Statistics is an essential part of science, providing the mathematical languageand techniques necessary for understanding and dealing with chance and uncertainty in nature. Statistics involves the design, collection, analysis and interpretation of numerical data, with the aim of extracting patterns and other useful information. Examples include the analysis of DNA and protein sequences, the construction of evolutionary trees from genetic data, the improvement of medical treatments via experimental designs, and the assessment of drought conditions through meteorological data. A main feature of statistics is the development and use of statistical and probabilistic models for random phenomena, which can be analysed and used to make principled predictions and decisions. Examples of such models can be found in biology (genetics, population modelling), finance (stock market fluctuations, insurance claims), physics (quantum mechanics/computing), medicine (epidemiology, spread of HIV/AIDS), telecommunications (internet traffic, mobile phone calls), and reliability (safety of oil rigs, aircraft failure), to name but a few.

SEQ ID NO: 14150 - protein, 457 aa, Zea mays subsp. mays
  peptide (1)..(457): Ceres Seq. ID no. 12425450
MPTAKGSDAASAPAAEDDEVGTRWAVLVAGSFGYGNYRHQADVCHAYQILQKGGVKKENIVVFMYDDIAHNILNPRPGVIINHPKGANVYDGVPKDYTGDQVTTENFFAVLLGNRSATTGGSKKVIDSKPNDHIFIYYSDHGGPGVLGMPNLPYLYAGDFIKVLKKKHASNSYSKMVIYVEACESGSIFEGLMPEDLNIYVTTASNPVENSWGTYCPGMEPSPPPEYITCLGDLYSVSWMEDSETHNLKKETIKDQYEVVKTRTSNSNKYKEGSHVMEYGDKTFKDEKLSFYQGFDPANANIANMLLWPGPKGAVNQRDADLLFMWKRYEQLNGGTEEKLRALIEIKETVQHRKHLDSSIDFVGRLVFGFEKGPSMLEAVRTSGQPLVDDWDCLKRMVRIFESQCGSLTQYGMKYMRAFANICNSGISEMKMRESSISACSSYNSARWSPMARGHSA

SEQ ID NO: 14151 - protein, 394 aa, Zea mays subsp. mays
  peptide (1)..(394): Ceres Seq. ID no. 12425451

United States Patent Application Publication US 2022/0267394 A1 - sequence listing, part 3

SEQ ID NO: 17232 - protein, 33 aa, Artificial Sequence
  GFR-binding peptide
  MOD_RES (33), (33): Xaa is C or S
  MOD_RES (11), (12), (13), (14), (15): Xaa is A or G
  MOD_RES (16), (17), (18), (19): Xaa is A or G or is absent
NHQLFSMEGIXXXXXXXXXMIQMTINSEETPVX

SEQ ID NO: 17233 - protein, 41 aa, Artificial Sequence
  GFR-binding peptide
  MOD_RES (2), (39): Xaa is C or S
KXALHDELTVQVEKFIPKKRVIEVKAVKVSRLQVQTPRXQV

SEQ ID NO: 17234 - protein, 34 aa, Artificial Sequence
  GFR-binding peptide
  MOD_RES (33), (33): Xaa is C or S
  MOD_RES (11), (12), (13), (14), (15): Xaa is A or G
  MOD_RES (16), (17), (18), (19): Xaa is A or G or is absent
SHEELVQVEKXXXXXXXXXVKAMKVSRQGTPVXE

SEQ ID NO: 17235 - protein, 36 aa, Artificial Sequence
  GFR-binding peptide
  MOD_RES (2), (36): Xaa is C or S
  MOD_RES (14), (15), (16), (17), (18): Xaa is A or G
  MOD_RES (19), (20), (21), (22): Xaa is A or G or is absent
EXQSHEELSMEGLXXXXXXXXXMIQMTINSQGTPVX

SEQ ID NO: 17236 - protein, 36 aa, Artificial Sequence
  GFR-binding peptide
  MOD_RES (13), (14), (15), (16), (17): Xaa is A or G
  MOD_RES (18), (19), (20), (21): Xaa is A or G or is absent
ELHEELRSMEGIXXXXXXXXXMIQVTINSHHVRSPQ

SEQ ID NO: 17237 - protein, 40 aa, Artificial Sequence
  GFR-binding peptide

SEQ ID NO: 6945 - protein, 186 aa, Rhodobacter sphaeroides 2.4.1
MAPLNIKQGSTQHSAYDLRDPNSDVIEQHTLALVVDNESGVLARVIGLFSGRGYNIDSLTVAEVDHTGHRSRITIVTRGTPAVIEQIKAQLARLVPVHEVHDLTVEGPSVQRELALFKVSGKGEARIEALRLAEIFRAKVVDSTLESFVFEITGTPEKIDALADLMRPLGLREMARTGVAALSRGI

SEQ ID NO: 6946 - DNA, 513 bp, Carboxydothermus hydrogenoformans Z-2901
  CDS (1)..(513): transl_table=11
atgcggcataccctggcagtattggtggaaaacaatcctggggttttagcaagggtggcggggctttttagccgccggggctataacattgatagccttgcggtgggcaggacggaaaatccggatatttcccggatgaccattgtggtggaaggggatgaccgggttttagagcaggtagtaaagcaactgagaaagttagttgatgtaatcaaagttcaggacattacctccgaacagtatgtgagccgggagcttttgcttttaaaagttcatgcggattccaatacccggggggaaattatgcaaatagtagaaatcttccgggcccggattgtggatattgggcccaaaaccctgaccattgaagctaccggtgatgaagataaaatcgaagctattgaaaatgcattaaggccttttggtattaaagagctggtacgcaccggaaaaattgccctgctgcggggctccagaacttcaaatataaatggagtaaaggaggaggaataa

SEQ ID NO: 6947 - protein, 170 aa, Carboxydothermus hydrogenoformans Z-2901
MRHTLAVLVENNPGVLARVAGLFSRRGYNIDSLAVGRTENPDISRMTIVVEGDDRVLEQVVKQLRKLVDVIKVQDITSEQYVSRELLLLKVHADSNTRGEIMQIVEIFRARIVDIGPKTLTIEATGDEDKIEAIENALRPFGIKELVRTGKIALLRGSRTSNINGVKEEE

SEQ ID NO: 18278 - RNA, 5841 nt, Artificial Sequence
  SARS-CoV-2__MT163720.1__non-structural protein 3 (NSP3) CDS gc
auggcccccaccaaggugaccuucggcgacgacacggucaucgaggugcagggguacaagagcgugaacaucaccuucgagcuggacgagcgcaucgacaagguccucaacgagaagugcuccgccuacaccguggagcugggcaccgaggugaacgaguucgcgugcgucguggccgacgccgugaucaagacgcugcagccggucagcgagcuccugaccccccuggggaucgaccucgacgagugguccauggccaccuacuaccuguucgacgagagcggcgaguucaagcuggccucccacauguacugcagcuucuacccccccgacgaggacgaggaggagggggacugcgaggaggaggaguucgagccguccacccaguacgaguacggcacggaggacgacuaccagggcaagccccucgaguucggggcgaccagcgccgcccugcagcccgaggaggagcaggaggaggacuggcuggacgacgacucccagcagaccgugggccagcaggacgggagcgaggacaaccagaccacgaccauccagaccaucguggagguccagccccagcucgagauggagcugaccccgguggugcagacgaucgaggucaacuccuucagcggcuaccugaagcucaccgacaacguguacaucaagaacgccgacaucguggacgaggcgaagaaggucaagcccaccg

The Probability and Statistics Group is recognised internationally for its active and dynamic research programs across a number of areas of statistics and has research strengths in several areas including bioinformatics, biostatistics, computational statistics, discriminant and cluster analyses, experimental design, image analysis, machine learning, mixture modelling, Monte Carlo simulation, multivariate analysis, and applied probability and stochastic processes. The Group has established ongoing collaborations with other disciplines, particularly in the biological and medical sciences, bioinformatics, engineering and information technology, as well as with industry and government bodies.